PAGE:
Thank you, doctor, for doing the study, putting it out. And now we have clear -- it seems like a new day in terms of the battle against breast cancer and what this means for women.

Great to see you. Thank you so much.

SPARANO: Thank you.

BOLDUAN: Coming up for us, a magnitude 5.5 earthquake in Hawaii sending ash plumes up to 8,000 feet. While nearly, a dozen people have gotten stranded in an area cut off by lava. We'll go there live to try to get an update. We'll bring you there.

(COMMERCIAL BREAK) [11:56:26] BOLDUAN: Hawaii is now bracing for aftershocks after a magnitude 5.5 earthquake rocked the Kilauea Volcano summit. Ash plumes sent 8,000 feet into the air. And now close to a dozen people have been left stranded in an area cut off by lava.

CNN's Scott McLean is on a boat just off the coast of Hawaii and he's joining us right now.

Scott, what are you seeing?

SCOTT MCLEAN, CNN CORRESPONDENT: Hey, Kate. One of the big concerns that we're seeing out here is people being stranded by lava. Right now, this white smoke that you see in the distance, this is something called lava haze, or laze, and it is a potentially deadly gas. It's also a sign that the lava has entered the ocean. That is bad for the people who live on the left side of your screen there, in those homes. And you can see there are quite a lot of them. A couple hundred homes in the way right now from this lava that is heading toward the ocean.

Right now, this front of lava, this lava flow, is about a half a mile wide. And between it and where we are, obviously, is those couple hundred houses. You can see just how much is entering and how much smoke is created. There's actually a bay there. You can't really tell from here just because there's so much smoke that filled it up.

If you look over to the right side -- Ty, you want to look to the right side of the smoke there? It's hard to see, but you'll see black smoke coming up. That's a home burning or that is a structure of some type burning. And so, we're seeing that from time to time, those flareups of that dark black smoke.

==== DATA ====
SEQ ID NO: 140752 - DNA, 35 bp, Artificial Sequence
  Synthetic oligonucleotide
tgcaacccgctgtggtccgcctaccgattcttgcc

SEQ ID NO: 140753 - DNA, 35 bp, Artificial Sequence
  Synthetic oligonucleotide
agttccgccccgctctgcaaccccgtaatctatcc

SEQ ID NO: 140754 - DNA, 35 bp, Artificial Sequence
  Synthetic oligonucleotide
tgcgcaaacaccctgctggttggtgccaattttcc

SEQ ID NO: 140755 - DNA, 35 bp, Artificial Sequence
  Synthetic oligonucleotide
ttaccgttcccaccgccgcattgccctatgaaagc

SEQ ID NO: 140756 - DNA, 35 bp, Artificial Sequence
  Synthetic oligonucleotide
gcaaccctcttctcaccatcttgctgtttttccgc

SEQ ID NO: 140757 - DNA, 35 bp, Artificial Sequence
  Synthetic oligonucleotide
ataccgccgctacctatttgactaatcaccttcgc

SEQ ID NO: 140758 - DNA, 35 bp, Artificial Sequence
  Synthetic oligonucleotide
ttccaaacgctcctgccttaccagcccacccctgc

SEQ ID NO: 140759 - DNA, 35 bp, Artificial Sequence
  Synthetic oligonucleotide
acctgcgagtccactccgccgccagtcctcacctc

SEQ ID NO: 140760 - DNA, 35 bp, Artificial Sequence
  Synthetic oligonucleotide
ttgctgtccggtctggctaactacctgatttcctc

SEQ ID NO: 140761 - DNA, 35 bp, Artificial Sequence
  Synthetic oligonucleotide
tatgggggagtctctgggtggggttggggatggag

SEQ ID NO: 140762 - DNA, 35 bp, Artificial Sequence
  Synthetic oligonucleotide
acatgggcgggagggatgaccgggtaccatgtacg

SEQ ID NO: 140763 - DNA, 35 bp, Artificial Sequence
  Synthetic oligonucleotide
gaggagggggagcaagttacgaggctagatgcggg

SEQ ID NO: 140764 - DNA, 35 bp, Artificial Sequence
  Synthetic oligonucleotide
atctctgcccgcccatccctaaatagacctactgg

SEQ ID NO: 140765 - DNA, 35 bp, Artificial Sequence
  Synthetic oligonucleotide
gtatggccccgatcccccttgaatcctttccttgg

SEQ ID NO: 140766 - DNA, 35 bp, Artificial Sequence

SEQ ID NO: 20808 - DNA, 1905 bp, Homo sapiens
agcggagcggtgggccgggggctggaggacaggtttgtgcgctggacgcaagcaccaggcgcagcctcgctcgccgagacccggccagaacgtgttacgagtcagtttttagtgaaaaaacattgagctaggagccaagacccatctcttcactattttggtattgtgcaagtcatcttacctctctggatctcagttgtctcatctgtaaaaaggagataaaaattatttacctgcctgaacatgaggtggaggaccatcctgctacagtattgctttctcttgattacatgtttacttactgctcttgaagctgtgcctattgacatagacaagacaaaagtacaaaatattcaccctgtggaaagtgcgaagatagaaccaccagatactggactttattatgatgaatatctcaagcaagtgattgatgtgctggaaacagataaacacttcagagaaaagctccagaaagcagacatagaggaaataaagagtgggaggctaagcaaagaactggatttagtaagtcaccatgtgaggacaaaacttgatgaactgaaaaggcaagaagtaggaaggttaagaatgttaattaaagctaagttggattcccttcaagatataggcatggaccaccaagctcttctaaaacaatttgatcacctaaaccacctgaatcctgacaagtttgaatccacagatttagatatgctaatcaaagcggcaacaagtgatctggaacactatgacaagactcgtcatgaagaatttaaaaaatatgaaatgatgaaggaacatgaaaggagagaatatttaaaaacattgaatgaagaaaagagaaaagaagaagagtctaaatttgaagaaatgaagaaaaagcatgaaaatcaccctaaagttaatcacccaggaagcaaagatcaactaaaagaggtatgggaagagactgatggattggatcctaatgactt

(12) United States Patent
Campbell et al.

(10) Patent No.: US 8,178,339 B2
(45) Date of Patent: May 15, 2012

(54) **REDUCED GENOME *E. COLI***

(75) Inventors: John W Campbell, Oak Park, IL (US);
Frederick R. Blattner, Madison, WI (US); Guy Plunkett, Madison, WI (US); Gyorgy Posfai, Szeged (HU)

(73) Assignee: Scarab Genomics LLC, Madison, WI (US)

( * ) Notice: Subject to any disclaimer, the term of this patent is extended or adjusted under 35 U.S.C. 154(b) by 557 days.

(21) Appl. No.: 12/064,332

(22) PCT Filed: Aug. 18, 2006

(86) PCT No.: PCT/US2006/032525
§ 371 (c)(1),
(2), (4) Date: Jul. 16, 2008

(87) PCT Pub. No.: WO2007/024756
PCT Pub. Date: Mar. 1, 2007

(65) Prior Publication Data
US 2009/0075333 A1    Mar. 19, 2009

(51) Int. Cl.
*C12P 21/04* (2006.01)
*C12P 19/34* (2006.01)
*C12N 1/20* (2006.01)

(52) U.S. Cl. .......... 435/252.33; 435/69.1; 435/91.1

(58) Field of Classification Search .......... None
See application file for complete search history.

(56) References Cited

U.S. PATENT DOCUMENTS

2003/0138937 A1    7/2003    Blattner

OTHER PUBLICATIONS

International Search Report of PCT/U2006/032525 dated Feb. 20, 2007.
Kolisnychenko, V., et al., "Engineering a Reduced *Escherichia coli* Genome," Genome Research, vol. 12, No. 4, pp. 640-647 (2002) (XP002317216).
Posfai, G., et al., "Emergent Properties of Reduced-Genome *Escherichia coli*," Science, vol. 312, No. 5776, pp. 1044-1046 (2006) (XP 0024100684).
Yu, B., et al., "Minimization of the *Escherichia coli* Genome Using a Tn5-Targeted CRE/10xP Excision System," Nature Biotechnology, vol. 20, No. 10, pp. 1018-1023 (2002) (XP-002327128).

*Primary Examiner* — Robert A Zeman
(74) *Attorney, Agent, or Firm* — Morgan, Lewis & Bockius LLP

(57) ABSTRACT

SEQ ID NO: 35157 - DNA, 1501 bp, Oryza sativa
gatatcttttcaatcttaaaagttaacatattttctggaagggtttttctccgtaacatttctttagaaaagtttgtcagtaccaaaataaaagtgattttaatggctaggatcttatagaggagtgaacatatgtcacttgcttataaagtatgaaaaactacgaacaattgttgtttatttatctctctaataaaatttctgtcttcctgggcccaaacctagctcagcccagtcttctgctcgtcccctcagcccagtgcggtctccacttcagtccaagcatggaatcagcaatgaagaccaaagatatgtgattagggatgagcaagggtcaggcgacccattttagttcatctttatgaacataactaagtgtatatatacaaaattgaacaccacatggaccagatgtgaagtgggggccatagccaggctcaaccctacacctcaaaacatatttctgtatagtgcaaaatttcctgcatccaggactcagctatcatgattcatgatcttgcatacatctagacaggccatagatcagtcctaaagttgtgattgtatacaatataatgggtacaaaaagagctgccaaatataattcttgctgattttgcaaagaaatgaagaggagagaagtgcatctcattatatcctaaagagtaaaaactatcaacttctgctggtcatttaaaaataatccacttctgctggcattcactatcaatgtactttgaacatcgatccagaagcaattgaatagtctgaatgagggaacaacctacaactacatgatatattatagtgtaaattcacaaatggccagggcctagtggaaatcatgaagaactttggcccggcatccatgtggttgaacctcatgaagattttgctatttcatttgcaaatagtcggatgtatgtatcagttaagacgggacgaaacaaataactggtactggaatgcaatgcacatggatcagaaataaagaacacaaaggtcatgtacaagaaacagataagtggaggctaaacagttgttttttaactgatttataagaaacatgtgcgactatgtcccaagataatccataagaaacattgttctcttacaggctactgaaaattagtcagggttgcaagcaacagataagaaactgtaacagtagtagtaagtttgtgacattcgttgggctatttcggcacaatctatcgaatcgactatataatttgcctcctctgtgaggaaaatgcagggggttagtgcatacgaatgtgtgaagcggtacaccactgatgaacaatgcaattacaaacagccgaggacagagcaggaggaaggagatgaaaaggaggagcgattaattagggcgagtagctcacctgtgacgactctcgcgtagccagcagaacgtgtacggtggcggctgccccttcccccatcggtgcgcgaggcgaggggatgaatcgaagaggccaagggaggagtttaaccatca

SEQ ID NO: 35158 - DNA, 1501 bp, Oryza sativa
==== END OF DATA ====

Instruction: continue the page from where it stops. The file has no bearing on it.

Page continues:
Ty, do you want to go to the left here, you can see through the haze that fissure that's feeding all this. We're about seven or eight miles away from the main fissure located in the Leilani Estates neighborhood. And you can see it from here. It is shooting some 200 feet into the air. Even from where we are, it is bright in the distance. The only thing that's obscuring it right now is a little bit of smoke.

As you mentioned, Kate, there were about a dozen people who were stranded by lava just on the south side of this lava flow. There were actually three that were rescued over the weekend. Now they're down to nine. These people aren't in any immediate danger, per se, the reality is they have no water, power. There's no land line service, no cell phone service out there either. So essentially, they are cut off from the rest of the island. On one side, they have literally a river of molten lava and, on the other side, they have the Pacific Ocean, where we are, and there aren't have many good access points on this side. And so really they're kind of on their own.

And so, if they're looking for help, essentially authorities have promised to fly helicopter flights over there looking for smoke signals, maybe someone writing SOS on their lawn, anything they can do to get the official's attention and get rescued. But for right now, we have no way to know exactly how many people are over there, where they are, and whether or not they're in need of any kind of help -- Kate?

BOLDUAN: And, Scott, when you're pointing out where the lava haze is kind of threatening these homes over to the left-hand side of our screen, do you know if those -- where those are in relation to the fissure? They're not in danger of lava flow but they are in danger of that haze?

MCLEAN: Yes. So they are definitely in danger of the lava haze. This is a mix of hydrochloric acid, steam, and tiny bits of glass. But then if you look to the left side, Ty, you can see the green stuff where the houses are. Those are the Houses where people live. They're threatened to be cut off but maybe not necessarily in danger of lava -- Kate?

BOLDUAN: Scott McLean, thank you so much. Bringing us another new perspective of the threat there from the Kilauea summit.

And thank you all so much for joining me.

"INSIDE POLITICS" with John King starts right now.